While it’s true that occasionally in life things happen to us (both good and not so good) that we did not choose, I think most of what happens to us is the result of the choices we make.
Think about all the things we get to choose on a regular basis, such as:
- How we spend our time
- How we spend our money
- The daily level of activity we engage in
- The content we consume
- The type of foods we consume
- The people we associate with
- Whether or not we think critically
- The careers, causes, values, and beliefs we hold and support
- The way we treat those around us
That’s a small portion of a VERY large list!
Now think about this: the small choices we’ve made over the days/weeks/months/years/decades of our life have compounded to form us into who and what we are today.
It’s hard to consider that thought without also pondering the following: Are you happy with the compounding result of your choices? If you are, then great! Stay on track.
If you don’t like the compounding result your experiencing, I have good news. It’s not too late to change course. And it all starts with the choices you make from this point forward.
On Thursday I had in interesting conversation with someone I know pretty well. As we were talking, they shared with me how they were struggling mentally during a stressful time in their life. I was grateful they felt comfortable enough to share their experience with me.
I’m always amazed how freely people share what’s going on in their lives when given a safe place to do so. My encounter on Thursday also reminded me how important it is to actually listen. We’ve all got so much going on that it can be easy to rush through our interactions without really listening to what others are telling us. While this may be true, it’s no excuse for half-hearted listening when people are opening up and sharing their story with us.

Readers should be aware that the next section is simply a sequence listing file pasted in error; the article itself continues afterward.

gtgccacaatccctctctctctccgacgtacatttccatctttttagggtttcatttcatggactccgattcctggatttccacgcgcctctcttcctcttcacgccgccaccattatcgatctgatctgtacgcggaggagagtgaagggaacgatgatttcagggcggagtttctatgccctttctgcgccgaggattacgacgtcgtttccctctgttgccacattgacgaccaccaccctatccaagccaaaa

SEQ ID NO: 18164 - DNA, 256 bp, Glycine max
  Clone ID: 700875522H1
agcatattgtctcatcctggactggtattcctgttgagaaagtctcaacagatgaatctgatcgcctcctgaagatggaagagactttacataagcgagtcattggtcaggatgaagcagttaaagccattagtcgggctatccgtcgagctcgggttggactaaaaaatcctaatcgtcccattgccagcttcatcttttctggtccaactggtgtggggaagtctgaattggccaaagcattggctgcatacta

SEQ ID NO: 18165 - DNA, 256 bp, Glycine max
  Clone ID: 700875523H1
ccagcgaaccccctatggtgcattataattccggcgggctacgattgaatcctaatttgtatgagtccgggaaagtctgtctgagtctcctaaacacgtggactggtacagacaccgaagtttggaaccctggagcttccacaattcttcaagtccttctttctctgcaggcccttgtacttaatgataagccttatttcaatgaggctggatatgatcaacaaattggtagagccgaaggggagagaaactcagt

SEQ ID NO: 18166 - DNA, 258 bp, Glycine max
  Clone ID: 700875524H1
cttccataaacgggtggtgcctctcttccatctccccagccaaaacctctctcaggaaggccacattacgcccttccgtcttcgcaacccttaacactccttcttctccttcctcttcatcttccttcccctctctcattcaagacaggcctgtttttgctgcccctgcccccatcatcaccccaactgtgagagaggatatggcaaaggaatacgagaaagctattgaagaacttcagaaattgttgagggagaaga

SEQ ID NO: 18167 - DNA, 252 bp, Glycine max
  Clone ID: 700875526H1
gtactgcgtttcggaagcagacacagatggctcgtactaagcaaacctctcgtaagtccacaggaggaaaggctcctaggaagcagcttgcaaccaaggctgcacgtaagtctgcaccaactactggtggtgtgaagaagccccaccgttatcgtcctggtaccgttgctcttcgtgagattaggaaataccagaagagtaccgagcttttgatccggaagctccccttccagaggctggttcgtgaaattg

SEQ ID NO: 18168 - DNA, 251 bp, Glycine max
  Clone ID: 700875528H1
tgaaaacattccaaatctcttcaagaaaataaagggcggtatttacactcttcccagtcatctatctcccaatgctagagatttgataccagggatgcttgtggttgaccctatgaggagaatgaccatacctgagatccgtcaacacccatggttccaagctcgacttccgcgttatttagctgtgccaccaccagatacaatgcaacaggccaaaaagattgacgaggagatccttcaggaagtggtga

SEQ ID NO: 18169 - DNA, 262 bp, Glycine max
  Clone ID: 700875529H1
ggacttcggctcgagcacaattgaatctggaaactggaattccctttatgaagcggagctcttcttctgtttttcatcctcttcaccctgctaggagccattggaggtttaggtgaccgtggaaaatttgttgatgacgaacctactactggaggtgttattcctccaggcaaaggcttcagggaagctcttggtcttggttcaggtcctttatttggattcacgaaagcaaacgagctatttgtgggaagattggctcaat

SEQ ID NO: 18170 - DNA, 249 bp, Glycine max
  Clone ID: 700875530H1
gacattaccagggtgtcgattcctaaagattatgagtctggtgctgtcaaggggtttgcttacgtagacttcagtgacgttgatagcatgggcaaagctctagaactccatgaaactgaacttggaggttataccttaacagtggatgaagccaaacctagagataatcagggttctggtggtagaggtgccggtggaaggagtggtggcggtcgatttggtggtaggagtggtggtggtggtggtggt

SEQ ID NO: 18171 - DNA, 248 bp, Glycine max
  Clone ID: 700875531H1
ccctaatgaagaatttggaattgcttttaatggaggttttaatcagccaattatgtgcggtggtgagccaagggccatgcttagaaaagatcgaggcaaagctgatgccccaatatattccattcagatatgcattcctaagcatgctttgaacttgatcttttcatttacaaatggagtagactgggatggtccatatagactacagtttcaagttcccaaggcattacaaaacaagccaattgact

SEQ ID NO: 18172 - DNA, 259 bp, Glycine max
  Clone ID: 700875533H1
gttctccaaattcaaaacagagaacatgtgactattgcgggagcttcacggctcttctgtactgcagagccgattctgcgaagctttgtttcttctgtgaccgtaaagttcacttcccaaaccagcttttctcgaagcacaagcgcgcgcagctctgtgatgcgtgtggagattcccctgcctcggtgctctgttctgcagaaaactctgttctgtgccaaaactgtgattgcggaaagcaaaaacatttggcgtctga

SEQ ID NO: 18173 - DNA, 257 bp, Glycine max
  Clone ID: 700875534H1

Let’s make an effort to increase the legitimacy of our listening in the conversations we have with people. Wouldn’t we appreciate it if others did the same for us?
“Time magnifies the margin between success and failure. It will multiply whatever you feed it. Good habits make time your ally. Bad habits make time your enemy.” ~James Clear
While I was listening James Clear’s book Atomic Habits last week, I heard him mention the quote above about time magnifying whatever you feed it. We all know this is true, but this quote really resonated with me with the realization that those habit we continuously do over time, no matter how small, will have an impact.
Think of things like saving a percentage of every paycheck for retirement, smoking a pack of cigarettes every day, or exercising 30 minutes a day. While theses habits may seem small and inconsequential in the moment, the compounding effect they have over time can be significant. And based on what the habit is, those effects can be positive or negative.
I’ve been thinking about the habits I have lately, and those I’d like to start, and where they can take me. Some of the habits I have are intentional, and I’m excited about the impact they’ve had on my life. If I’m being honest, I have other habits that are unintentional, meaning I didn’t set out to put them in place, but rather I’ve just allowed them to develop. Most of these habits are borne out of mental laziness and don’t really yield the type of results I’d like to get.
Being aware of our habits (the good as well as the not so good) is a great way to make sure what we do over a large arch of time is actually leading us somewhere we want to go. Whether we’re aware or not, as James Clear stated, time will multiply whatever we feed it. Let’s make sure we’re making time our ally.